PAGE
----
Here is a selection from the first edition violin part which generally follows the autograph. Note that the notation is generally "standard", but with a little more cross-beaming than we use today. However, there are to us a few unusual places:

Marked B, the stem direction is as in the 1st edition score and autograph shown above.

Marked A and similar places: There are competing forces at work in the direction of the triplet stems: the desires (1) to preserve the stem direction of the inner "trill" droning notes and keep up what is set up by the first beat stem direction, (2) for the melody note of each triplet to have have up stems if possible, (3) while at the same time for this melody note stem direction to lead smoothly into the stem direction of what follows.

Marked x The engraver was actually too conscientious and preserves stem directions forced by space pressure in the autograph that should have been brought into conformity with (1) and (2). To me, that says that someone (Beethoven?) was very concerned that he engrave accurately, or that it was just normal for the time. It also says that the engraver was not completely aware of the meaning of what he was engraving.
Beethoven Sonata op. 24 Violin Part1.jpg
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In this second example, the 16th notes illustrate B.s desire to keep the legato motives smooth and looking the same by avoiding changes in stem direction.
Beethoven Sonata op. 24 Violin part2.jpg
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Re: Engravers vs Composers: Stem Direction 2

Post by Knut » 20 Jan 2016, 19:19

John Ruggero wrote:Knut, I think that we can all agree that musical notation is a kind of language. Every aspect of this language, even something as mundane as stem direction, is open for use to communicate ideas. One of the things I am trying to bring to composer's and engraver's attention is the subtle use of musical notation by several master composers.
You're absolutely right, and I for one really appreciate these discussions and what you bring to the table.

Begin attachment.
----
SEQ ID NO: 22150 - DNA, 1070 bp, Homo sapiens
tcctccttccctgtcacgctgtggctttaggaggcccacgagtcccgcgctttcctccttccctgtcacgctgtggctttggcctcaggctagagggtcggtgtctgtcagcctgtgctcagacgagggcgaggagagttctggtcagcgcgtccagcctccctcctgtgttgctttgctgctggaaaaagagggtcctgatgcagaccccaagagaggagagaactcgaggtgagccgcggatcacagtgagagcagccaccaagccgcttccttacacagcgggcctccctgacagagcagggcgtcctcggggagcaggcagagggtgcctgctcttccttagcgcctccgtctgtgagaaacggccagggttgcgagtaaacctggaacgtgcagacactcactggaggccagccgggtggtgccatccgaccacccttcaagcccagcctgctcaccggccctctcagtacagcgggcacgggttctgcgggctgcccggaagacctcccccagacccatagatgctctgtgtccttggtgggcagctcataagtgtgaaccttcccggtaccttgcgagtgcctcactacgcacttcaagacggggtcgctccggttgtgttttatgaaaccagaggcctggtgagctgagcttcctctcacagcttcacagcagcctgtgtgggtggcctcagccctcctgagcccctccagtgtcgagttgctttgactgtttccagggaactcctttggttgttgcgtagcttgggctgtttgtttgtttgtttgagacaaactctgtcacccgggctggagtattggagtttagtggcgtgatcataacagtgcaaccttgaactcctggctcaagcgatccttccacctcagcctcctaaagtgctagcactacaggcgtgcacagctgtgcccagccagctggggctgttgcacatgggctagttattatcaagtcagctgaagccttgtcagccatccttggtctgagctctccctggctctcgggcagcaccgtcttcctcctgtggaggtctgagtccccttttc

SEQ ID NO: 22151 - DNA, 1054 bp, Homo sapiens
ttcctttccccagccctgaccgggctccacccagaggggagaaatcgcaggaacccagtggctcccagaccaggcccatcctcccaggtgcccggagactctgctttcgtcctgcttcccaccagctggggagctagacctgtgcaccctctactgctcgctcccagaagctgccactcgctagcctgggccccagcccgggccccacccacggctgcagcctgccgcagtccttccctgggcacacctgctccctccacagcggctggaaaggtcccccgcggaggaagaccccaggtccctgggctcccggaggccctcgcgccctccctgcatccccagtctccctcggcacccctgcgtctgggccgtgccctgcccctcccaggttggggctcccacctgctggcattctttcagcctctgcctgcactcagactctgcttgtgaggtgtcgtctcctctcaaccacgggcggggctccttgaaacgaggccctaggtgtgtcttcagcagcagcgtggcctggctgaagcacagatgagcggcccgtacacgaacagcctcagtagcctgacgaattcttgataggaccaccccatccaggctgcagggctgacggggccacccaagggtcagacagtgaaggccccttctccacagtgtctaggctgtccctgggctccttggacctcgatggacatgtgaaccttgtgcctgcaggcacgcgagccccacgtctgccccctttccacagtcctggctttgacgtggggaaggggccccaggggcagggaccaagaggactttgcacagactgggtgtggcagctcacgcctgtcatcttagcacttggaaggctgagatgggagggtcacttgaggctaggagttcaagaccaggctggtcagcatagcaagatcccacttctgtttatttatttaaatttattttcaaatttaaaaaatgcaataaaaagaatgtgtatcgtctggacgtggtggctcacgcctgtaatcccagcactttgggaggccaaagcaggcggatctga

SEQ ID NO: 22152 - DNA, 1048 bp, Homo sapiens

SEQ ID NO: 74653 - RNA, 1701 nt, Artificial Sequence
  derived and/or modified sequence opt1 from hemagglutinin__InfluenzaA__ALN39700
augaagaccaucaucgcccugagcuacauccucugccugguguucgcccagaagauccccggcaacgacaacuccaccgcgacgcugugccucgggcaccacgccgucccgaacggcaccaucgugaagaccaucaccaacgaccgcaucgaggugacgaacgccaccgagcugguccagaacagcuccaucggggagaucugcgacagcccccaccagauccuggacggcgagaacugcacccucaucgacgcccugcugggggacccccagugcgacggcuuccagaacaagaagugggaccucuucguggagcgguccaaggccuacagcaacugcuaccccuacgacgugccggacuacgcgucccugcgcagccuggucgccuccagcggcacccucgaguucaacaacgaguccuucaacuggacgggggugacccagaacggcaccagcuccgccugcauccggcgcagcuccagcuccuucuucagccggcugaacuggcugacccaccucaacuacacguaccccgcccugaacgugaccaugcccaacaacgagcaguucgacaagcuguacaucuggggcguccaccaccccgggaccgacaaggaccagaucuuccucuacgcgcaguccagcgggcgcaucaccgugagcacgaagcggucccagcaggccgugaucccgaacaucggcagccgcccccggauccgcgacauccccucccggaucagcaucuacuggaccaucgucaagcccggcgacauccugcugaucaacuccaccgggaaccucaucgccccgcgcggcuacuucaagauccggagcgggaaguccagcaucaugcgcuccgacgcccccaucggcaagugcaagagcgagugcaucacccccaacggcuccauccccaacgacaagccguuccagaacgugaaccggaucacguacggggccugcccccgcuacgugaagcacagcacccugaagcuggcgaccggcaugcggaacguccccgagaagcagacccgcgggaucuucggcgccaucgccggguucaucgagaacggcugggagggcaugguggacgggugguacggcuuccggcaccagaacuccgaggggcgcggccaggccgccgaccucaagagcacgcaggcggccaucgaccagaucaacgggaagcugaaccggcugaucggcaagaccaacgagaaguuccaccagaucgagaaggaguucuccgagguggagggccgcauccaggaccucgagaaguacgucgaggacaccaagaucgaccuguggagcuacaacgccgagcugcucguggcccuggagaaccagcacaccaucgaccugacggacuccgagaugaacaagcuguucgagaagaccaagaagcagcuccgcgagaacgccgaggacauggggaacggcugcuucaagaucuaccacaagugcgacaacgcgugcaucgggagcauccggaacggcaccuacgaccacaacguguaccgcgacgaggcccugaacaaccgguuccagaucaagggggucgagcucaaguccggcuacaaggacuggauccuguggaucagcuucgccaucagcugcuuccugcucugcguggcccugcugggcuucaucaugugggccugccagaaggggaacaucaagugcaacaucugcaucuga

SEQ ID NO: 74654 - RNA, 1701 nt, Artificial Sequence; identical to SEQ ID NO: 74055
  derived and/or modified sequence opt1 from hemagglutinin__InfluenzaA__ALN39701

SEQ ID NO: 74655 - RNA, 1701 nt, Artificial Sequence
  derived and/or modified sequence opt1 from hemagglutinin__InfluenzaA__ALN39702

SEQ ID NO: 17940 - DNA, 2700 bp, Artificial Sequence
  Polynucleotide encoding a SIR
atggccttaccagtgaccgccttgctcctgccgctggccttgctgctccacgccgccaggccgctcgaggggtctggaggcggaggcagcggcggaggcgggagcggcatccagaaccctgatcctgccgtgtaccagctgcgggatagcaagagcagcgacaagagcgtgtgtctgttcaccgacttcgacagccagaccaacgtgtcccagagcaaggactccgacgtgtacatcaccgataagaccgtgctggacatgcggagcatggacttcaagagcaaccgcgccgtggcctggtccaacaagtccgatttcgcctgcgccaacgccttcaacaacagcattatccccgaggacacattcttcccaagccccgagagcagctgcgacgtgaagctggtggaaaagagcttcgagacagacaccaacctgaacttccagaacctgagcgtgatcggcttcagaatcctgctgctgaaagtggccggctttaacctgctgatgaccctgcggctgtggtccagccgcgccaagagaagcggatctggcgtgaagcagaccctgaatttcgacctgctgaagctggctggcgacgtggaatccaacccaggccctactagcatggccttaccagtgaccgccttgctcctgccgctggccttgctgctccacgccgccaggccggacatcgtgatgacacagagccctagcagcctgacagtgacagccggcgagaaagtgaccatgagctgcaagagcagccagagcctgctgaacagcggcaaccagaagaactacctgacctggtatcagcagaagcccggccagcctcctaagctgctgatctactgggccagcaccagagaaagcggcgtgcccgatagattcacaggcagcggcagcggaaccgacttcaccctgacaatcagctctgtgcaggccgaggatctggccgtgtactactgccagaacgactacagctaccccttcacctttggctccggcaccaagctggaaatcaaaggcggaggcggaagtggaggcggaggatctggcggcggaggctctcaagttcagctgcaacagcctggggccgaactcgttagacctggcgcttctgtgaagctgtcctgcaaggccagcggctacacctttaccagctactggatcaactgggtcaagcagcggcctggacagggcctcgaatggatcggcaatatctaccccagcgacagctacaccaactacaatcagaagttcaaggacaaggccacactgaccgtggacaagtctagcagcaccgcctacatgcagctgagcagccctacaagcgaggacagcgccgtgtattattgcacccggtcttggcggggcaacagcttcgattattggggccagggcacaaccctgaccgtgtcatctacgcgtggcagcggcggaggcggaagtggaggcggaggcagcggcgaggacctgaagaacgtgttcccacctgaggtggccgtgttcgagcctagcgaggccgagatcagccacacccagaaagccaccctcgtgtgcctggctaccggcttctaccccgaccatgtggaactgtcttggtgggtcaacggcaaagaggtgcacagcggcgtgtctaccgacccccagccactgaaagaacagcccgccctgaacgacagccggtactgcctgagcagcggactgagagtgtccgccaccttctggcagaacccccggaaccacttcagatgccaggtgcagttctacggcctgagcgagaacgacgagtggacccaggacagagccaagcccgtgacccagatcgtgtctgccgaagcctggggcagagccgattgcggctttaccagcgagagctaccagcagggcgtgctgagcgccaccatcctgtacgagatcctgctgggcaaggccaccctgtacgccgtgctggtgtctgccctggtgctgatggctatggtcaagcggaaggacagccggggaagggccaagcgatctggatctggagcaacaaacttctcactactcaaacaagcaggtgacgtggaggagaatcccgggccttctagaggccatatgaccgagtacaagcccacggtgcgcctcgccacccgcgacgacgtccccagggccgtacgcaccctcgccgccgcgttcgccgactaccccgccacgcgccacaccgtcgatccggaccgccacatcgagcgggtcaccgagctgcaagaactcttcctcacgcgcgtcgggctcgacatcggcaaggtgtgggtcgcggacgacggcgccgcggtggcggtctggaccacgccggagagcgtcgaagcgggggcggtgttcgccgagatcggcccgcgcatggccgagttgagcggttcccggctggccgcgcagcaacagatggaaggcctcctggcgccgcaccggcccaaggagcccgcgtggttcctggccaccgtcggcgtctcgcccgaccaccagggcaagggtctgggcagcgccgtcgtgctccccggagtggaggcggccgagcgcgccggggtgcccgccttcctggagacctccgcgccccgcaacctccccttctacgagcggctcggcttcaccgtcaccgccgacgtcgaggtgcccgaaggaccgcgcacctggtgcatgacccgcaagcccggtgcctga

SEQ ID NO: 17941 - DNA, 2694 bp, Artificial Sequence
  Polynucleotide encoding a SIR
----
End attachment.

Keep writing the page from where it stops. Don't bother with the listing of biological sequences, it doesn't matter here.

John Ruggero wrote:I would say that pianists now are no more aware of it than other musicians.
Really?

Wouldn't you agree that these kinds of notational 'liberties' are more common in the classical piano literature than works for other instruments, even though Beethoven (among others) have treated works for other instruments in a similar way?

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Re: Engravers vs Composers: Stem Direction 2

Post by John Ruggero » 20 Jan 2016, 19:34

DatOrganistTho wrote:
I wouldn't have thought twice about what Beethoven was doing, but this is interesting and I'm willing to revisit it again.
It is precisely for this reason that Beethoven took great care to preserve his sketchbooks: he thought that it would be both interesting and enlightening for future composers.
When it comes to manuscripts, it is far more important to composers to get the idea on the paper FIRST before observing any rules of notation. I can't find a single composer who doesn't do this.
As I mentioned, the autograph under discussion is not a sketch. It is the finished work ready for the engraver. As we can see, Beethoven took great care to notate it carefully. None of the master composers that I am discussing notated final copies carelessly, even though it might appear that way on first glance; nor do master composers today notate final copies carelessly.
Second, composers never intend to write what they want people to see, but rather what they want to hear. Therefore, often, notational conventions are sacrificed in order to maintain clarity of musical thought which will eventually be notated more professionally for someone else to read.
The whole point of my presentation is that these composers were VERY concerned about notating what they wanted people to hear, especially at a time when printed music was the only means of mass music communication. Therefore, as you say, they sacrificed notational conventions as necessary to get their point across; but they did not consider this less "professional" and were concerned that their innovations were passed on to the performers through the published score.